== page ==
1. Born to cycle?
An agile approach to working
2. Are we hardwired for cycles?
This is different from running around in
circles, although that may be part of it!
In Fearless Change, a useful metaphor for
working toward any goal is—a journey.
We recommend a “carry-on bag” of a handful
of patterns: Test the Waters, Time for
Reflection, Small Successes, Step by Step.
This learning cycle repeats throughout.
3. Why is this a good approach?
You see the next step more clearly after each
step is completed.
You learn about the goal. You adjust the goal.
Your customer/user/other stakeholders also
learn and adjust.
Chaos does not go away. Change continues to
impact the journey. Perfection is never
You can’t plan all this in the beginning.
4. We sleep in cycles
We’ve known for some time that sleep is
divided into ~90-minute cycles
Some track those cycles and schedule
their sleep time as a multiple of 90-
5. Sleep phases
Light sleep, non-rapid eye movements (NREM), lowered
body temperature, muscle relaxation, slowed heart
Completely asleep, NREM, further drop in body
temperature and relaxation of the muscles. The
immune system repairs damage.
Deeper sleep, NREM, metabolic levels are extremely low.
Delta or REM sleep, blood pressure rises, heart rate
speeds up, respiration becomes erratic, brain activity
increases, sleeper become paralyzed. Most restorative
part of sleep. Most dreaming occurs.
6. Do we cycle in the daytime?
Humans are not designed to be linear,
but rather to pulse—to move between
expenditure of energy and renewal of
When we establish that rhythm, we're
most productive and most sustaining.
“Manage Your Energy, Not Your Time,”
Tony Schwartz, HBR, October 2007
7. I worked in four 90-minute quot;sprintsquot; a day. I didn't
allow myself to be interrupted during those work
periods. In between each work period, I fully
disengaged for 20 to 30 minutes. By that I don't mean
I surfed the Web or answered e-mail. Instead, I
either had something to eat with my family, took a
run, or spent time reading the newspaper.
I was vastly more efficient when I was working
because I wasn't interrupted. And when I wasn't
working, I was truly refueling. I wrote the book in 90
days working half the number of hours each day that
I had for previous books.
8. If you're in IT, your mental energy—your capacity
for focus—is critical. In a world of information
overload, we believe that only way to deal with it is
to multitask. We've lost sight of the power of
absorbed focus—doing one thing at a time.
If you switch attention from a primary task to a
secondary one—from a program you're writing to
an email that's just come in—the time it takes to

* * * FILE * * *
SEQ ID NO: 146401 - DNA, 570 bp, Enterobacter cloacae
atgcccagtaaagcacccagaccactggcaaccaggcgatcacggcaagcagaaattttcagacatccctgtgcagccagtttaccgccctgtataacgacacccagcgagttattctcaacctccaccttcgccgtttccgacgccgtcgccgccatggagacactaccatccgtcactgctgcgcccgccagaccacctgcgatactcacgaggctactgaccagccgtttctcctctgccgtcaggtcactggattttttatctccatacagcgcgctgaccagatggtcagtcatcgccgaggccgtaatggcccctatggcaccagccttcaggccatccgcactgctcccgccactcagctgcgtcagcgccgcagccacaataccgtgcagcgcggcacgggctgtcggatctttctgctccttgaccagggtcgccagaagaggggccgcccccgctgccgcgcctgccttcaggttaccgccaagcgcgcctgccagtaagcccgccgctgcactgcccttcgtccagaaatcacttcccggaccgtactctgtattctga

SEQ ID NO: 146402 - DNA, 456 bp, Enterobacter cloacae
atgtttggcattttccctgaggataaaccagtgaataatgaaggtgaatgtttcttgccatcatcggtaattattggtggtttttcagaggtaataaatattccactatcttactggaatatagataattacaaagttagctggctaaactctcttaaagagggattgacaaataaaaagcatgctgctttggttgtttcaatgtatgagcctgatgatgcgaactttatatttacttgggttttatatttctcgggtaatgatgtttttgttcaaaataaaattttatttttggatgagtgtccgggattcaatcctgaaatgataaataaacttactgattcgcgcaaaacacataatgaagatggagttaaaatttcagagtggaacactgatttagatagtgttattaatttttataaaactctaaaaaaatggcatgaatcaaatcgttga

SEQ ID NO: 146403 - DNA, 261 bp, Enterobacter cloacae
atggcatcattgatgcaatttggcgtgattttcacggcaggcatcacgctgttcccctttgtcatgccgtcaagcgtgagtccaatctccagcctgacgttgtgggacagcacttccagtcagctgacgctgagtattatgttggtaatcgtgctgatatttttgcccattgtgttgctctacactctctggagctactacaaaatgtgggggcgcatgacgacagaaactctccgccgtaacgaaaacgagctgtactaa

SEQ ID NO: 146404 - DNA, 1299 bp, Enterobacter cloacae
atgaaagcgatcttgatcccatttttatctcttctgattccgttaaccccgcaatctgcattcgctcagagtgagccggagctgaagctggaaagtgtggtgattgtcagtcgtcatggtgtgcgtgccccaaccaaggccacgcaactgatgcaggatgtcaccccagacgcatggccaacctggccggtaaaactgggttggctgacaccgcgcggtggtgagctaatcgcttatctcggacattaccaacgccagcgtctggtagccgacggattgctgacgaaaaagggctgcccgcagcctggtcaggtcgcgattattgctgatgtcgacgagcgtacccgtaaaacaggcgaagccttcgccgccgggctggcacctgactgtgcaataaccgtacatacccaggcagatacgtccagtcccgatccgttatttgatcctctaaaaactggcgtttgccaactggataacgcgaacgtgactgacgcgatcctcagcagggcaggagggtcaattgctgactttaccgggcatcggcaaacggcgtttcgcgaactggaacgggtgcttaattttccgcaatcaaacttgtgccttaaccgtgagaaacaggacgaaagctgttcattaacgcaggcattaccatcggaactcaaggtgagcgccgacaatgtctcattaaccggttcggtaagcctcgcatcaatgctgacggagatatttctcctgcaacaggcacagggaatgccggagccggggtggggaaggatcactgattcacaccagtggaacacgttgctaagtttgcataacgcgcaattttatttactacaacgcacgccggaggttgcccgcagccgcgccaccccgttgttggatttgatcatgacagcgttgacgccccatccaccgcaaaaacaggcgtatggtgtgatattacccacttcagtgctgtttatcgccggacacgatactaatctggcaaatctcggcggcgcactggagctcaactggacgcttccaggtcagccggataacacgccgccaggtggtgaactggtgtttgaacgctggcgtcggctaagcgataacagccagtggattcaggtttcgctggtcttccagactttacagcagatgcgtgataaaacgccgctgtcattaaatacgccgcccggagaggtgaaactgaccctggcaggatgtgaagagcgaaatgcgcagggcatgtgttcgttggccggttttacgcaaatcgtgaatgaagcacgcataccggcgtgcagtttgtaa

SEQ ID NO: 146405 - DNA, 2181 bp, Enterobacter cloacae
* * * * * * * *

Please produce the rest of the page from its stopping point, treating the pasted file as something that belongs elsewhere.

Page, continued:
complete the program increases by an average of
25%. Imagine the impact when many people now
check email 50, 75, 100 times a day.
9. Our typical behavior
If we are under pressure, we work longer and
Is this the personal equivalent to Brooks’ Law
at the project level?
Athletes know the importance of a training
schedule, never having two hard days in a row,
allowing time for rest.
Bike race from L.A. to D.C.
10. Promiscuous Pairing and Beginner’s
Mind: Embrace Inexperience
Proceedings Agile 2005 Conference,
Denver, Colorado, July 2005
11. They experimented with pair durations:
1 hr, 90 min, 2 hrs, half-day, 1 day,
Optimum duration - 90 min - but longer
pair durations had slightly higher mean
12. Neuroscientists no longer believe that the brain necessarily
diminishes with age. Neurons do not have to die as we get
older—a number of regions of the brain important to
functions such as motor behavior and memory can actually
expand their complement of neurons as we age.
Your brain isn’t just the product of negative and positive
childhood experiences and genetic inheritance. It is
profoundly affected by the way you live your life.
“Cognitive Fitness,” Roderick Gilkey and Clint Kilts, HBR,
13. Sleep is needed for learning
Rats in a maze
14. Memory consolidation - I
Two groups were taught a task.
One group then took a nap, the other group
stayed awake. The “nap” group
improved. After a night’s sleep, both
groups were at the same level.
15. Memory consolidation - II
One group was taught a task.
During the 6-8 hrs after learning the first
task, a second task was introduced.
The next morning the group had not
improved in either task.
16. Memory consolidation - III
Two groups were taught a task.
Both were taught a second task, but one
group took a nap in the interim.
No improvement was noticed later in the
day, but the next morning the “nap”
group had improved at both tasks.
17. Expand your left-brain
Take a break
Do something different
Read new kinds of articles and books
Visit new places with a new agenda
Do these kinds of things often
18. Take care of your eyes
Blink: We blink less frequently when they
stare at the screen.
When reading text on paper, the head is
normally tilted down.
When staring at a screen, the head is erect and
the eyes are open wider.
Look into the distance, then close the eyes for a
19. Find your own cycle
Focus without interruption for ~90 min
Change the channel—take a break for 15-20
min, expand your perspective, take a walk
Repeat until the end of the workday
J.B. Rainsberger, “Personal Planning,” IEEE
SW, Jan/Feb 2007
20. Buddhists call this “beginner’s mind”
a willingness to step back from prior knowledge
and existing conventions
to start over and cultivate new options…
Zen Mind, Beginner’s Mind, Shunryu Suzuki